Sensing technology developed by Raytheon Co. for the U.S. Navy’s miniaturized radio frequency system has begun its one-year mission to determine whether the polar regions of the moon contain ice.??
Launched aboard NASA’s Lunar Reconnaissance Orbiter June 18 and activated July 8, the system, known as Mini-RF, will take high-resolution radar imagery of permanently shaded regions of the moon to attempt to detect ice in areas hidden from other instruments.??
Under contract to the U.S. Navy, Raytheon provided the antenna, transmitter, analog receiver and software for the system. ??
“This is an important mission for our nation because it represents the first step in the next era of lunar exploration,” said Bill Hart, vice president for Raytheon’s Space Systems business. “The Mini-RF system will play a key role in determining how we will approach this next phase of the space age.”??
Water ice, deposited as a result of asteroid collisions, is hypothesized to exist in permanently shaded regions of impact craters at the lunar poles, protected from dissipation by the sun. However, that theory lacks proof. NASA is interested in determining the extent to which lunar ice exists, if at all, as the agency prepares for future manned exploration and possible habitation on the moon.??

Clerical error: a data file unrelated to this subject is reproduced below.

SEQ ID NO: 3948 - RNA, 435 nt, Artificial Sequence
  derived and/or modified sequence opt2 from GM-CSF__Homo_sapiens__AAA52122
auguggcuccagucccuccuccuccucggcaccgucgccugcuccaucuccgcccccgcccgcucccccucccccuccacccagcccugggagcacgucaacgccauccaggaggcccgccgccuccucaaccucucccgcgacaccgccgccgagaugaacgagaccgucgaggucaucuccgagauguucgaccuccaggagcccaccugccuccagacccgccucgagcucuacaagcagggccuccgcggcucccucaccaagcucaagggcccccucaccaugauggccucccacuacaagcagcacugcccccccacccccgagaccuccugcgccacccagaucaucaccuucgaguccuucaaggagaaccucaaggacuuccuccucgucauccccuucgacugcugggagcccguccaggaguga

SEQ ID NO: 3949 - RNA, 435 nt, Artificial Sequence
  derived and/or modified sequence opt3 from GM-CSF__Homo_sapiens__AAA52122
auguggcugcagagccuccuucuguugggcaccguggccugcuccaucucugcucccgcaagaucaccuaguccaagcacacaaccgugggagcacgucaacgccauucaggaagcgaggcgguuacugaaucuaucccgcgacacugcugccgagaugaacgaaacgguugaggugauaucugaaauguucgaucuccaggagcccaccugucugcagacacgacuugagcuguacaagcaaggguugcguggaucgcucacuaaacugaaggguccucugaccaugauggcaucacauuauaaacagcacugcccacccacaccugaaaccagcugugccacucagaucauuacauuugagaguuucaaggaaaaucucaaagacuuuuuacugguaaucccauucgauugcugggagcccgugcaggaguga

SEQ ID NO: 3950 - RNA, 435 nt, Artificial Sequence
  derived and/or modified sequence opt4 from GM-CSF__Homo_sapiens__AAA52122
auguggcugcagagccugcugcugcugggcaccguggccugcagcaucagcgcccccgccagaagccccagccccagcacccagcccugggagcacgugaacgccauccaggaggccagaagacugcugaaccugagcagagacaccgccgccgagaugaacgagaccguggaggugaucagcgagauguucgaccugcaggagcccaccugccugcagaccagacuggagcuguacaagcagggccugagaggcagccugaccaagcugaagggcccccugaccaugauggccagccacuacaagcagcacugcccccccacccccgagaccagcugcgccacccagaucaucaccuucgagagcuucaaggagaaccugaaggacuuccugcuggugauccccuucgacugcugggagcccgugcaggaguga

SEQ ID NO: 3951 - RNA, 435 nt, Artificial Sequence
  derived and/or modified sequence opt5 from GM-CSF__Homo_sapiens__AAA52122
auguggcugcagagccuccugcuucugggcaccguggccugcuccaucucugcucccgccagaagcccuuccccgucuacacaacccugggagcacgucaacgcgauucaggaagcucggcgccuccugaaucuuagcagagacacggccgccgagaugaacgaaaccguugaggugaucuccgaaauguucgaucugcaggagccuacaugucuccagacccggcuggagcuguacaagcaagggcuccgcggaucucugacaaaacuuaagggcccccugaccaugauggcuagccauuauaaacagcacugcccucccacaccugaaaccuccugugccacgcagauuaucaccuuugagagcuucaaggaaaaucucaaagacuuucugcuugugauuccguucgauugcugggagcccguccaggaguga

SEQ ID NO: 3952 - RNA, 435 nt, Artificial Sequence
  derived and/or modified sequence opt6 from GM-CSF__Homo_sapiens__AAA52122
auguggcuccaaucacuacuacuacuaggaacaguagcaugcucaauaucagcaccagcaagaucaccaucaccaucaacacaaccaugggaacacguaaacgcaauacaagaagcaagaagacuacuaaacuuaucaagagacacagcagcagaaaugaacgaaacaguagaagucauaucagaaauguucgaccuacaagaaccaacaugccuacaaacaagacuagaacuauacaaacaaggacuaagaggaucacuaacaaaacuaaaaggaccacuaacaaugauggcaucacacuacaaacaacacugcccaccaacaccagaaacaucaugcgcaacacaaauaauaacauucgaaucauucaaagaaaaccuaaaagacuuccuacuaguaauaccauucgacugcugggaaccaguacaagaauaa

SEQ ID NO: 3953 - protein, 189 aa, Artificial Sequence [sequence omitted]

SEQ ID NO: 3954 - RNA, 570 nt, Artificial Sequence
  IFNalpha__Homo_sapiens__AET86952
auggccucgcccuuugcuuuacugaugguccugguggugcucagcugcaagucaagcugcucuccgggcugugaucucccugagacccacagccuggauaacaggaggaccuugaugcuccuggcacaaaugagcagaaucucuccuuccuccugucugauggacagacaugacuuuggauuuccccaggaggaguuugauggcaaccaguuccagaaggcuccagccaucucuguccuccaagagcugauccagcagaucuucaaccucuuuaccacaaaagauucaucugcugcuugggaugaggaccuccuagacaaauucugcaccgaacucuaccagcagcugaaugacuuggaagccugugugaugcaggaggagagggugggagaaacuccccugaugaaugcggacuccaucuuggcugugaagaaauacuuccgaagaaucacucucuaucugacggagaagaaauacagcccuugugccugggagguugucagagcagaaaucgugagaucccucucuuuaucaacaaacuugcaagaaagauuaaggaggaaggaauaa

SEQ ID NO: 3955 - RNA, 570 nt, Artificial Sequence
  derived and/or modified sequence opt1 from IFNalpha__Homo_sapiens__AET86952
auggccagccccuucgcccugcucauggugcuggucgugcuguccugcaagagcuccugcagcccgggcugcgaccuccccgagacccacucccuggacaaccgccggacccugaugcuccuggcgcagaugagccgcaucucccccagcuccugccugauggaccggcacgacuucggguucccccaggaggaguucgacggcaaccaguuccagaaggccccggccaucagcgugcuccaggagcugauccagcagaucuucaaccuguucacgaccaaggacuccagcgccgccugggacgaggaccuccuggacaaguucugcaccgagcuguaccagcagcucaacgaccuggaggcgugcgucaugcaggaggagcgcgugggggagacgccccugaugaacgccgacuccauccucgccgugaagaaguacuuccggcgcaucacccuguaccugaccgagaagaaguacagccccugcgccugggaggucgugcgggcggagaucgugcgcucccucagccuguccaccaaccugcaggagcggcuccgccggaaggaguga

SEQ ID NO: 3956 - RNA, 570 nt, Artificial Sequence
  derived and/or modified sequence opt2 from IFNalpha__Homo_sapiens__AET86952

Raytheon provided similar support under the same contract for the Indian Space Research Organization’s Chandrayaan-1 lunar orbiting mission. That spacecraft’s miniaturized synthetic aperture radar (known as Mini-SAR) provided images between mid-February and mid-April. Data obtained during that period are being analyzed for evidence of ice on the lunar surface.??
The Mini-RF technology of the Lunar Reconnaissance Orbiter differs slightly from what is flying aboard Chandrayaan-1. The LRO version features slightly higher-resolution capabilities and will operate in dual S- and X-band modes. It also will fly at a lower orbit than Chandrayaan-1.??
Raytheon’s work on the Mini-RF and Mini-SAR programs illustrates the type of design and manufacturing innovations the Department of Defense advocates as part of its operationally responsive space initiative. That initiative calls for the development of smaller, less-expensive satellites that can be deployed in tactically relevant time frames. Manufactured and delivered within 15 months of design approval, the Mini-RF system provides a wealth of sensing capabilities in a relatively inexpensive and easily adapted platform.??
“There is a great need within the military and civil space communities to be able to effectively augment or reconstitute critical space capabilities and infuse them with new technologies and operational innovations,” Hart said. “Our experience on this and other similar short time-frame programs has taught us a lot about what is required, not only on the manufacturing floor, but throughout a program’s life cycle to make that possible.”